84. 84. Badea AR, Nedelcu L, Valeanu M, Zdrenghea D. The relationship between serum lipid fractions and heart rate variability in diabetic patients with statin therapy. Clujul Med. 2014;87: 152. pmid:26528015
  85. 85. Askin L, Cetin M, Turkmen S. Ambulatory blood pressure results and heart rate variability in patients with premature ventricular contractions. Clin Exp Hypertens. 2017; 1–6. pmid:28872359
  86. 86. de Andrade PE, do Amaral JAT, Paiva L da S, Adami F, Raimudo JZ, Valenti VE, et al. Reduction of heart rate variability in hypertensive elderly. Blood Press. 2017; 1–9. pmid:28738697
  87. 87. Schroeder EB, Liao D, Chambless LE, Prineas RJ, Evans GW, Heiss G. Hypertension, blood pressure, and heart rate variability: the Atherosclerosis Risk in Communities (ARIC) study. Hypertens Dallas Tex 1979. 2003;42: 1106–1111. pmid:14581296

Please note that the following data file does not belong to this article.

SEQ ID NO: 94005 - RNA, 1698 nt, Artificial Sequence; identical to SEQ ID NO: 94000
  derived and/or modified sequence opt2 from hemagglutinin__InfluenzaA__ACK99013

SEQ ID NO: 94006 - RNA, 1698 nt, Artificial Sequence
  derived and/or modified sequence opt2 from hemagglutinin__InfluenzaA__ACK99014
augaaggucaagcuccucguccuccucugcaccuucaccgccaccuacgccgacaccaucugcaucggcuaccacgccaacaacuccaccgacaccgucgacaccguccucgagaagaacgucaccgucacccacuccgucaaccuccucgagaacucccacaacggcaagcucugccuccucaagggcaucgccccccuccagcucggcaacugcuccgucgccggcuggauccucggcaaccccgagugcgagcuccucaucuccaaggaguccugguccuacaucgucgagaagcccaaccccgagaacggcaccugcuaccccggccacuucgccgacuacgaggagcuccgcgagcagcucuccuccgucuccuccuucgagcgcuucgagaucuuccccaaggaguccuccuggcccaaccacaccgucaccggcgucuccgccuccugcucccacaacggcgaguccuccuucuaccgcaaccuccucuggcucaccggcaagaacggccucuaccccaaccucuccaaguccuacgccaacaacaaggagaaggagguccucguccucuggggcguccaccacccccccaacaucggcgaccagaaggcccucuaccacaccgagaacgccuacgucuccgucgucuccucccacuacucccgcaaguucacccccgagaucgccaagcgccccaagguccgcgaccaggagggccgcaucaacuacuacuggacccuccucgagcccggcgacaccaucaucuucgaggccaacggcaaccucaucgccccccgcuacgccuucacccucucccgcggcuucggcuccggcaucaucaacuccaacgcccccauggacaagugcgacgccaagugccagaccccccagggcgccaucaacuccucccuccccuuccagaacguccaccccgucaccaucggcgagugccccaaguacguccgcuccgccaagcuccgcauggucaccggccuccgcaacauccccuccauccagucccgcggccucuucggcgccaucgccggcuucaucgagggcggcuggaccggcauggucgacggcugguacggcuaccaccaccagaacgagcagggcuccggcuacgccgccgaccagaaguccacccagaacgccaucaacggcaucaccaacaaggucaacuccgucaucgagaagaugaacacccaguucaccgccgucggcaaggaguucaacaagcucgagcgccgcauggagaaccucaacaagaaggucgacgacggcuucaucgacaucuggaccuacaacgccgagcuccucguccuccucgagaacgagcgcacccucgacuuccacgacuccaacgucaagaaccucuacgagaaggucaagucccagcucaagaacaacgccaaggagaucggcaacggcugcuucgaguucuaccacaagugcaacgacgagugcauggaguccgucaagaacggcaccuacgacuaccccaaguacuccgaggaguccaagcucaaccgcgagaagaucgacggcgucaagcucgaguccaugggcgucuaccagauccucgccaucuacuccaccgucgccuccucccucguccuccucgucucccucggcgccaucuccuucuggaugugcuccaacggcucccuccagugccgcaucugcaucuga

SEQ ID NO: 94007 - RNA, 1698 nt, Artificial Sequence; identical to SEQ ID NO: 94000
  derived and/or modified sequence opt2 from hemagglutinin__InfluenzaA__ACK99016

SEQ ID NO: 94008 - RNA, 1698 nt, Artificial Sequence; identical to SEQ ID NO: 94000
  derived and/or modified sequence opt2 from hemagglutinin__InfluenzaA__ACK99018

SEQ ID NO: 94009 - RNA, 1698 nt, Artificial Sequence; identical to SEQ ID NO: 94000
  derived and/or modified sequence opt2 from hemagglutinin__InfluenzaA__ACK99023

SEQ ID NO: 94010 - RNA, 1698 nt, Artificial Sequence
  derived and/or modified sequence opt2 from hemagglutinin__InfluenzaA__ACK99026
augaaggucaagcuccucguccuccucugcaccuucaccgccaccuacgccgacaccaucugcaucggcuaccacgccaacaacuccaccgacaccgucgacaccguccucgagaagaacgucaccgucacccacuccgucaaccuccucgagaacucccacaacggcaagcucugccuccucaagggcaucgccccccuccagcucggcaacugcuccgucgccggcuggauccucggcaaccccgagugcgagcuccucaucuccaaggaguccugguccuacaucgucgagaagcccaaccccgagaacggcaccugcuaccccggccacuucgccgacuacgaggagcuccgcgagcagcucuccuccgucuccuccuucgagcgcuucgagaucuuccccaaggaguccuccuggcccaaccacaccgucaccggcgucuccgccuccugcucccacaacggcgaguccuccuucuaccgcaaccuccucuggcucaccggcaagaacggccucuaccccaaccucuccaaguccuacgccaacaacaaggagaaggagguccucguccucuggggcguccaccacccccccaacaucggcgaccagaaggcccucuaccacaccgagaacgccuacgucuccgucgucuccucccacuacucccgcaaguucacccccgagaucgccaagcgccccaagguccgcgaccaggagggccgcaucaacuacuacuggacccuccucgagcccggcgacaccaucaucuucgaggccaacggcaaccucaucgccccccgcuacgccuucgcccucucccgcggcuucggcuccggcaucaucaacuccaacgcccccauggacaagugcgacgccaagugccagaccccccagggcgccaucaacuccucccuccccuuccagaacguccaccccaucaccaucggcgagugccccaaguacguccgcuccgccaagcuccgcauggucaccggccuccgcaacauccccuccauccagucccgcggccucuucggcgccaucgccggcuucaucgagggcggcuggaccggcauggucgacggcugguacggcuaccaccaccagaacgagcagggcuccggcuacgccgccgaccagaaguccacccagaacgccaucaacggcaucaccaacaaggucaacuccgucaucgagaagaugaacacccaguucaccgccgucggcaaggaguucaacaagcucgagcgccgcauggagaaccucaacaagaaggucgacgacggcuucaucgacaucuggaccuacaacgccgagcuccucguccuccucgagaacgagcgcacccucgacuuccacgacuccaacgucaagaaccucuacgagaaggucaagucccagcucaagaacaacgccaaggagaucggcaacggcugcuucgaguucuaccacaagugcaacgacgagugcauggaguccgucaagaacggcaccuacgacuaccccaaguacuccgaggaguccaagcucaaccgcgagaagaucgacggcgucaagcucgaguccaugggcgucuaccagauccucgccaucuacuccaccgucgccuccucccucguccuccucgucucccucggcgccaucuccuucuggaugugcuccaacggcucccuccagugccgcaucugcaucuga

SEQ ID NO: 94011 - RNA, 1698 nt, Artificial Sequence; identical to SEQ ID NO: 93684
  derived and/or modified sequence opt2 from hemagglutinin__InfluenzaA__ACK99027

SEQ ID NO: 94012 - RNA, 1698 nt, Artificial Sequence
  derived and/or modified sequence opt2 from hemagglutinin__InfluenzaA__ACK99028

88. 88. Al-Trad BA, Faris M a. IE, Al-Smadi M, Bashir A, Mansi M, Alaraj M, et al. Cardiac autonomic dysfunction in young obese males is not associated with disturbances in pituitary-thyroid axis hormones. Eur Rev Med Pharmacol Sci. 2015;19: 1689–1695. pmid:26004610
  89. 89. Mustafa G, Kursat FM, Ahmet T, Alparslan GF, Omer G, Sertoglu E, et al. The relationship between erythrocyte membrane fatty acid levels and cardiac autonomic function in obese children. Rev Port Cardiol Orgao Of Soc Port Cardiol Port J Cardiol Off J Port Soc Cardiol. 2017;36: 499–508. pmid:28687367
  90. 90. Yadav RL, Yadav PK, Yadav LK, Agrawal K, Sah SK, Islam MN. Association between obesity and heart rate variability indices: an intuition toward cardiac autonomic alteration—a risk of CVD. Diabetes Metab Syndr Obes Targets Ther. 2017;Volume 10: 57–64. pmid:28255249